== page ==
Warming and Stretching

Avoiding Injuries
Why warm up?
When we were young, warm up didn’t even cross our minds but as we age, the importance of a good warm up becomes clearer – without it, we end up seeing a physio! Injury to ligaments, muscles and tendons are common areas of damage when playing sport or exercising and can often occur as a result of not having “warmed up”. Warming up properly gradually increases the heart rate and blood supply to the muscles which can help prevent injuring these structures. It also prepares the body for exercise enabling optimum performance.
How long should it take?
Ideally it should last for about 5-10 minutes for a general warm up. This should be sufficient to prepare the body for most types of exercise. However, this can be extended depending upon the type of exercise you do, and the level and frequency to which you play/exercise.
What should be included?
A warm up should comprise of a cardiovascular routine, which gradually increases the heart rate, and a stretching routine, which helps to make the muscles more flexible. It should be aimed at warming up the body as a whole, but you may want to pay more attention to the parts of your body that will be used most during your exercise e.g. legs if you are a runner, shoulders arms and back if you are a bowler playing cricket etc.
​Below is an outline of a general warm up. Should any of these exercises cause pain, please stop immediately.

1. Cardiovascular warm up

This should be a 5-10 minute section starting with light activity such as walking or marching on the spot, which is then increased to gradually bring the heart rate up. This can be done by building up to fast walking and then a slow jog or skip. It will depend on your current level of fitness as to how difficult to make this section. If your fitness level is quite high you may want to progress it by adding knee lifts, leg curls, heel kicks or star jumps. If you are starting to exercise for the first time then fast walking may be sufficient. You will know when you are working at the right level when you feel your heart is beating faster, you feel hotter and you are breaking into a slight sweat.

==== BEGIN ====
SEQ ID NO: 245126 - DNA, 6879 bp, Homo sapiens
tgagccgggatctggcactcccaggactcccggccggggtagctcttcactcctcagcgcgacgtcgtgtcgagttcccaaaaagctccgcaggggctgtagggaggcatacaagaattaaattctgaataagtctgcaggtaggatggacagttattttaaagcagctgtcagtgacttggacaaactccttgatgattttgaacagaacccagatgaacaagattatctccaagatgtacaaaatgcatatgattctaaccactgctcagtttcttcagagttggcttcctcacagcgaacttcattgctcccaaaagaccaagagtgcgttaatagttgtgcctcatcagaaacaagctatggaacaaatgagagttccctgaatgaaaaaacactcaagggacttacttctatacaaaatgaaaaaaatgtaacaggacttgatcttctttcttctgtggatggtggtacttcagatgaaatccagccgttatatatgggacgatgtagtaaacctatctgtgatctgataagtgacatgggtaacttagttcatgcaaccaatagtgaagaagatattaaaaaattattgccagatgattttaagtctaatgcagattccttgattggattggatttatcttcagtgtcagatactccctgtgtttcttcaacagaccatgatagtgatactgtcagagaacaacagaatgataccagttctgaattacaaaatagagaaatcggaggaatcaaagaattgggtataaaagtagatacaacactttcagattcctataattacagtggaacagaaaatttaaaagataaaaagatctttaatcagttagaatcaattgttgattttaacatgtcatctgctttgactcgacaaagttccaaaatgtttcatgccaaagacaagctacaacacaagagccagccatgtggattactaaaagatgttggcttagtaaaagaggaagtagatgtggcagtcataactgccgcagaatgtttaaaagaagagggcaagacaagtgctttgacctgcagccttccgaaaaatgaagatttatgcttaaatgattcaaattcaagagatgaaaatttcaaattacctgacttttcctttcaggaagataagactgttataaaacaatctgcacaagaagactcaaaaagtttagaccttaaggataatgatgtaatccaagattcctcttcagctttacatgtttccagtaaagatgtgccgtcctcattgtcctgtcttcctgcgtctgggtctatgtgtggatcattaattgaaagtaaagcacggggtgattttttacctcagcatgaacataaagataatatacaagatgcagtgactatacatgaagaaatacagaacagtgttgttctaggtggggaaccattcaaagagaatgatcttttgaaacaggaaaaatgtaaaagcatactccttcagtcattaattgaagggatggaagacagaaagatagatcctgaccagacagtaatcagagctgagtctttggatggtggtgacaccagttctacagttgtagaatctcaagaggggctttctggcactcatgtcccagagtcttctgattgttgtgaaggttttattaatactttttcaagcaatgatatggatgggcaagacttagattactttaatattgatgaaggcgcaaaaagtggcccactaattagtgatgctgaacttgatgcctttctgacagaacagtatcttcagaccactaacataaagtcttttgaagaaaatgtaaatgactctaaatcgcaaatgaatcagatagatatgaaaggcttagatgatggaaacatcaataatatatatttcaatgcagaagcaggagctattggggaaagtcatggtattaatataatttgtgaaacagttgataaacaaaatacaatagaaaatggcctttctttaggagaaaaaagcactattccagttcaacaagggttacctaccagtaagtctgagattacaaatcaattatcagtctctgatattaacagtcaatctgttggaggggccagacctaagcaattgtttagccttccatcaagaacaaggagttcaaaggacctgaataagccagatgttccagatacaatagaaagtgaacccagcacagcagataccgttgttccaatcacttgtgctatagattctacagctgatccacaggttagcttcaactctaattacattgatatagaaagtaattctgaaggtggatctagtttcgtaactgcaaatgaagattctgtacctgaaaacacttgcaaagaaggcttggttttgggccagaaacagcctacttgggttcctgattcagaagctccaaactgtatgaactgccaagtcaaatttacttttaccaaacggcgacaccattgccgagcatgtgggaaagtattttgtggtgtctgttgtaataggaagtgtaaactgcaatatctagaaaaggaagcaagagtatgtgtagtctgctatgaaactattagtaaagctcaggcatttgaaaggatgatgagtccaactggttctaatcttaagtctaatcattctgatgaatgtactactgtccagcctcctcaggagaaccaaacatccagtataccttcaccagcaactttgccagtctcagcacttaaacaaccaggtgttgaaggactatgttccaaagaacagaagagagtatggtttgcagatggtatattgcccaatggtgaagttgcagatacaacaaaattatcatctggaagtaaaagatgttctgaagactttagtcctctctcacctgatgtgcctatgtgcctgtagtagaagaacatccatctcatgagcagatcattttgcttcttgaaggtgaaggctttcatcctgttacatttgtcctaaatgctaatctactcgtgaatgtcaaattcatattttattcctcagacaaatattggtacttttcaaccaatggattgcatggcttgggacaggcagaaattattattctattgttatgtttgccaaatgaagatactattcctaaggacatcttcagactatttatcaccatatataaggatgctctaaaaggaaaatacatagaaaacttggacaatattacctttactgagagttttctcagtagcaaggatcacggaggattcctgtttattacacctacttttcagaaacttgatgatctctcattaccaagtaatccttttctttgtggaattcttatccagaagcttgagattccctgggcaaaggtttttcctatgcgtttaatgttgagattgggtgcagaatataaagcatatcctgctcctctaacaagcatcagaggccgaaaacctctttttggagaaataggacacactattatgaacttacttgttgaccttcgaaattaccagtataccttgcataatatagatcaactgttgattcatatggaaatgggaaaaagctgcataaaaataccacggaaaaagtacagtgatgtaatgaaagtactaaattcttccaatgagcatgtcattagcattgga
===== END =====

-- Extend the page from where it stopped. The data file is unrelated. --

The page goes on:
2. Stretching

There is contradicting evidence about the importance of stretching before exercise but many athletes and coaches insist upon it. As with most things, it is the quality of attention given to the activity that often makes the difference…
​Once you are feeling warmer it is time to stretch your muscles. While doing these stretches they should not be painful or done too forcefully. You should not bounce the stretch, but hold it steady for the count of 15 and repeat each exercise up to 4 times for each side. The stretches below can also be performed after a work-out or vigorous exercise.

i) Calf Stretch

Stand with one foot forwards while keeping the front knee slightly bent and the back of the knee straight. Lean your weight forwards over the bent knee, keeping your back straight and your back heel on the floor. You should feel a gentle pull in the calf of the back leg.

ii) Hamstring Stretch

Lie on your back with one leg straight and on the floor, and bend the other leg at your hip so that you are bringing your knee towards your chest. Support behind the thigh of this leg with your hands and straighten your knee to feel a stretch at the back of the thigh.

iii) Quadriceps Stretch

Stand and hold one foot behind you, pulling it towards your buttock. Keep your knees together and push your hips forwards until you feel a stretch at the front of your thigh. You can use something to hold on to with your other hand to help you balance.

iv)Hip Stretch

Sit with one leg out straight in front of you and cross the other leg over it, bringing the foot up as far as possible. Use one arm for support and turn the body towards the bent knee. Place the opposite hand on the outside of the bent knee and pull it towards you until you feel the stretch in the hip/buttock area.

v) Arm Stretch

Raise one arm, bend your elbow and reach behind your head with your hand. With your other hand gently pull your elbow towards the opposite side.
​If you have any further questions on injury prevention through warm ups and stretches please feel free to call one of our physiotherapists in Huntingdon for more help.

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